So half the originally predicted 2,500 jobs (eventually got trimmed to 2,250 jobs after closer scrutiny, are strongly hedged by the consultant. And the most of the other half come from predicted activities – orcharding and grape growing – with dubious prospects in CHB.
That consultant also estimated up to 9,000 containers (TEUs) of additional produce coming through Napier Port; HBRIC rhetoric has inflated that number over time, with no supporting analysis, to 15,000 containers.
Regarding his overall job and GDP projections, the consultant cautioned: “The impacts reported here should be seen as the likely upper limits to the net impacts on the community.” A warning long since buried. And all this only at 100% water uptake.
Two other sets of assumptions are even more disturbing.
The first involves nutrient leaching. Consultants considered the cost of cutting back the nitrogen leaching that everyone concedes would increase substantially with intensified farming. Ten different types of most likely post-irrigation farming systems – dairying on various soils, cropping, orchards – were modeled. Not surprisingly, the more mitigation measures were needed, the less profitable per hectare the farm, eventually to the point of unacceptable returns on investment.
That report concluded: “The HBRC decisions will be: the acceptable level of nitrogen losses from farms to achieve a target water quality; the mechanisms necessary to achieve and police farm nitrogen losses; and finally the acceptable rate of return from the scheme.”
Here you see the seeds of HBRIC/HBRC’s attempt to minimise the need to address nitrogen leaching in its phosphorus-focused Plan Change 6 proposal – an approach the Board of Inquiry soundly rejected. A decision HBRIC/HBRC still can’t swallow.
The second assumption involves farmer productivity. After considering ALL factors that might adversely affect the economic viability of the scheme, Macfarlane concluded the single most critical factor was that every farmer using dam water had to be a “top 20%” farmer – using best practices in every phase of their operation – to achieve the levels of productivity (and profitability) upon which rosy economic predictions for the scheme were based.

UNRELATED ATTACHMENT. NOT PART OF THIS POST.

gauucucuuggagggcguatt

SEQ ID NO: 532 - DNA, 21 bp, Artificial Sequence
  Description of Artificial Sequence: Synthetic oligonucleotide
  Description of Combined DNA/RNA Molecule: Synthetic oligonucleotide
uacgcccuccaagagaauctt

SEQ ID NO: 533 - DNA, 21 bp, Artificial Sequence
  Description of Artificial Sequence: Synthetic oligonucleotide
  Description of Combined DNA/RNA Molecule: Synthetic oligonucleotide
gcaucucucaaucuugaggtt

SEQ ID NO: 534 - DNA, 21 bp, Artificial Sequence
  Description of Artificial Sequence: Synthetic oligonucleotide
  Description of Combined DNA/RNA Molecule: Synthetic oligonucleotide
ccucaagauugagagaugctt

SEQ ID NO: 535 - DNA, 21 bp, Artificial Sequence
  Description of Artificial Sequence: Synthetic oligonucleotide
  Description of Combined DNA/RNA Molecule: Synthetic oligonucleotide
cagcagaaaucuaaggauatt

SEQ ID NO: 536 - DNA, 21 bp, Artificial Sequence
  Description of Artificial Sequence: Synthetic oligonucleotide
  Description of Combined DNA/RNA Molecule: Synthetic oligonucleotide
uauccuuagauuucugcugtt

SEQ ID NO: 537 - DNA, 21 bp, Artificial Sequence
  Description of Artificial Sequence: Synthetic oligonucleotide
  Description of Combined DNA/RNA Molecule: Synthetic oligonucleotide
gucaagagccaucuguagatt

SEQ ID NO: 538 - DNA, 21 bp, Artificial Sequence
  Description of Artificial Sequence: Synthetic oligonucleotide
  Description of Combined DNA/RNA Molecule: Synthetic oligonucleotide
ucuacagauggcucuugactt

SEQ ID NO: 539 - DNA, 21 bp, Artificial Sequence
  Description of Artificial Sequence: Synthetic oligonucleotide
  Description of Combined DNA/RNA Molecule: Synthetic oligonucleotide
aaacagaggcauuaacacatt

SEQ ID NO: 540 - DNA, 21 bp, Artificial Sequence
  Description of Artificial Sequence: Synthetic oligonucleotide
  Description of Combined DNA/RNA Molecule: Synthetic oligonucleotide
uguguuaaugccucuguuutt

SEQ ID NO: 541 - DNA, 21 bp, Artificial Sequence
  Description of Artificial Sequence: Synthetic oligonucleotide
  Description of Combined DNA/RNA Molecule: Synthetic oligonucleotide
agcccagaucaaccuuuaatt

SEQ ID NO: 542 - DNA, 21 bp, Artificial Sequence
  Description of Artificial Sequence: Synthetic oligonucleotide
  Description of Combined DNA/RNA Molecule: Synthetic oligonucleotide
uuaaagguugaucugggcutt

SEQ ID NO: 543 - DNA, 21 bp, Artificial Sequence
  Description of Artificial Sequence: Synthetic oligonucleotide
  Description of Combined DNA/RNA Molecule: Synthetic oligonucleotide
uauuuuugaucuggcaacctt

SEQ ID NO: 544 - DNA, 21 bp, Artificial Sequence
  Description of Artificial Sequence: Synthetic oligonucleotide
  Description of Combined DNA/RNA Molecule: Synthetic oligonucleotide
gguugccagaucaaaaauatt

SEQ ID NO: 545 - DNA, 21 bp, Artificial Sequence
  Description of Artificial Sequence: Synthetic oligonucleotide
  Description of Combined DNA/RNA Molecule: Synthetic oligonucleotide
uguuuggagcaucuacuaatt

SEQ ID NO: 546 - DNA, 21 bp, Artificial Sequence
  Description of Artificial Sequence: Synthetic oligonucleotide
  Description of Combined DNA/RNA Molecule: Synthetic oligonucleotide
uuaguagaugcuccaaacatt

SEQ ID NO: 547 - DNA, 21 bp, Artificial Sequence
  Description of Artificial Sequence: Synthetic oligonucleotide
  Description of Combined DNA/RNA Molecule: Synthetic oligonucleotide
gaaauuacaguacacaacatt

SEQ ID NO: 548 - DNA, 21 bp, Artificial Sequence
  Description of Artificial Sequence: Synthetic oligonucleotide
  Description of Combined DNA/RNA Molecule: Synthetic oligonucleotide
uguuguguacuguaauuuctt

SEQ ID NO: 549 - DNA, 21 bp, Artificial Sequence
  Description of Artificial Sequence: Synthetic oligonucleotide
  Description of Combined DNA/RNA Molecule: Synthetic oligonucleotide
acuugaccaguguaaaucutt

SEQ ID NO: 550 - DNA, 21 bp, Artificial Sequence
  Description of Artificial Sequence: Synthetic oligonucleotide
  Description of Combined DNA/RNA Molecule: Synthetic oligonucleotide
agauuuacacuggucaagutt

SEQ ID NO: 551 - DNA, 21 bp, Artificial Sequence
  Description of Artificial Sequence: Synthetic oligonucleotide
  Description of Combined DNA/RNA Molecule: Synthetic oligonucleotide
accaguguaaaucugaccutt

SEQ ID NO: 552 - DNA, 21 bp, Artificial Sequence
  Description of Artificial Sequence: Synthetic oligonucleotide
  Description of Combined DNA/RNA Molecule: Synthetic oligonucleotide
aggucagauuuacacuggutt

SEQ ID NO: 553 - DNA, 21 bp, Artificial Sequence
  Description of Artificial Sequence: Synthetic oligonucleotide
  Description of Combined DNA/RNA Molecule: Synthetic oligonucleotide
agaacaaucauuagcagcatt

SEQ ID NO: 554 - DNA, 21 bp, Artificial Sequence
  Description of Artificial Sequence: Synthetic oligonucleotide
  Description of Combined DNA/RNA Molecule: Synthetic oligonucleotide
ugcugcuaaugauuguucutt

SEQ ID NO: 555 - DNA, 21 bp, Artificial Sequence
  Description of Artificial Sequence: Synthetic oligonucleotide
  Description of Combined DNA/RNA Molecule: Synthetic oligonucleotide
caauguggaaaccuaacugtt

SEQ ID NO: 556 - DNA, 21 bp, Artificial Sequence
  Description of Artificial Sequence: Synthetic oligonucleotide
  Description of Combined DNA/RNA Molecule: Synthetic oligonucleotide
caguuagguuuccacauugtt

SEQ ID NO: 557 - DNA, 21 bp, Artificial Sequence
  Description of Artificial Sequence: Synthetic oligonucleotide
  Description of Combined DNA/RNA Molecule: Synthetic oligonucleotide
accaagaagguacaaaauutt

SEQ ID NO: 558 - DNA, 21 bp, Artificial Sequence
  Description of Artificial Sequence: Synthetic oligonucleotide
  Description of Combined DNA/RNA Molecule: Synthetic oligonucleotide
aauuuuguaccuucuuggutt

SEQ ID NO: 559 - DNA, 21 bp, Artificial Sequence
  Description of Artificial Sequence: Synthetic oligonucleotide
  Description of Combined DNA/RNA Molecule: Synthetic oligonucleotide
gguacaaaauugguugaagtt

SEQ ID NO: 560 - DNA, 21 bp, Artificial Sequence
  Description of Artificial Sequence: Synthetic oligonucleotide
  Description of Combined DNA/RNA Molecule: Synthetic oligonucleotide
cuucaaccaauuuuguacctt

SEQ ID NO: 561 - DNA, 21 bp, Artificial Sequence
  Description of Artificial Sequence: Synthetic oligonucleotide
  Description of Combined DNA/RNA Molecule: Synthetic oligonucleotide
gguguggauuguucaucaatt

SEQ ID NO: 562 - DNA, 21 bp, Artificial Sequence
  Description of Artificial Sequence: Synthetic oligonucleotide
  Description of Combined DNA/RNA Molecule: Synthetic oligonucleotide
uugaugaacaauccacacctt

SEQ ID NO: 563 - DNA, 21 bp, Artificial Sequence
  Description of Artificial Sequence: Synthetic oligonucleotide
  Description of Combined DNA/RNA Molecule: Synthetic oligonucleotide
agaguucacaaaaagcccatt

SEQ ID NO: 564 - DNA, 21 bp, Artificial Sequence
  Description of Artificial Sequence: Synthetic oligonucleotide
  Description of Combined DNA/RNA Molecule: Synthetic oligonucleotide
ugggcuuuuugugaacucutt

He says: “We note the severe impact on profitability incurred if the investment generates only average productivity. For that reason farmers not wishing or able to generate top 20% performance will either need to decline participation, sell, or transfer management of the property to another person.”
But not a week goes by where the farm media doesn’t bemoan the reality that most farmers will never attain such ‘superstar’ status.
Indeed, these days HBRIC advocates simply promise that a new breed of CHB farmer will arise from the ashes of the failed ones to grow highly valuable crops we haven’t yet dreamed of – 70% turnover within five years.
At the end of the day, ratepayers are being asked to make an $80 million bet on that prediction (leaving aside adverse environmental consequences), with even greater financial risk if the prediction proves wrong.
To build a convincing economic case for the dam, one must ignore the hedges and caveats in these original reports and latch on to only the most optimistic of the assumptions. No fresh assessment using realistic assumptions has been done, but the ambitious claims remain.
A cascading set of outdated ‘best case’ assumptions – this is how a house of cards is built. And why the builders of the house must fervently trust in the Dam Fairy.
Meantime, HBRC is promised soon an independent assessment of the project’s financial viability by Deloitte. Unfortunately, given the resistance of five councillors, Deloitte’s brief specifically excludes re-examining the issues I’ve raised here.
Fairy dust will do.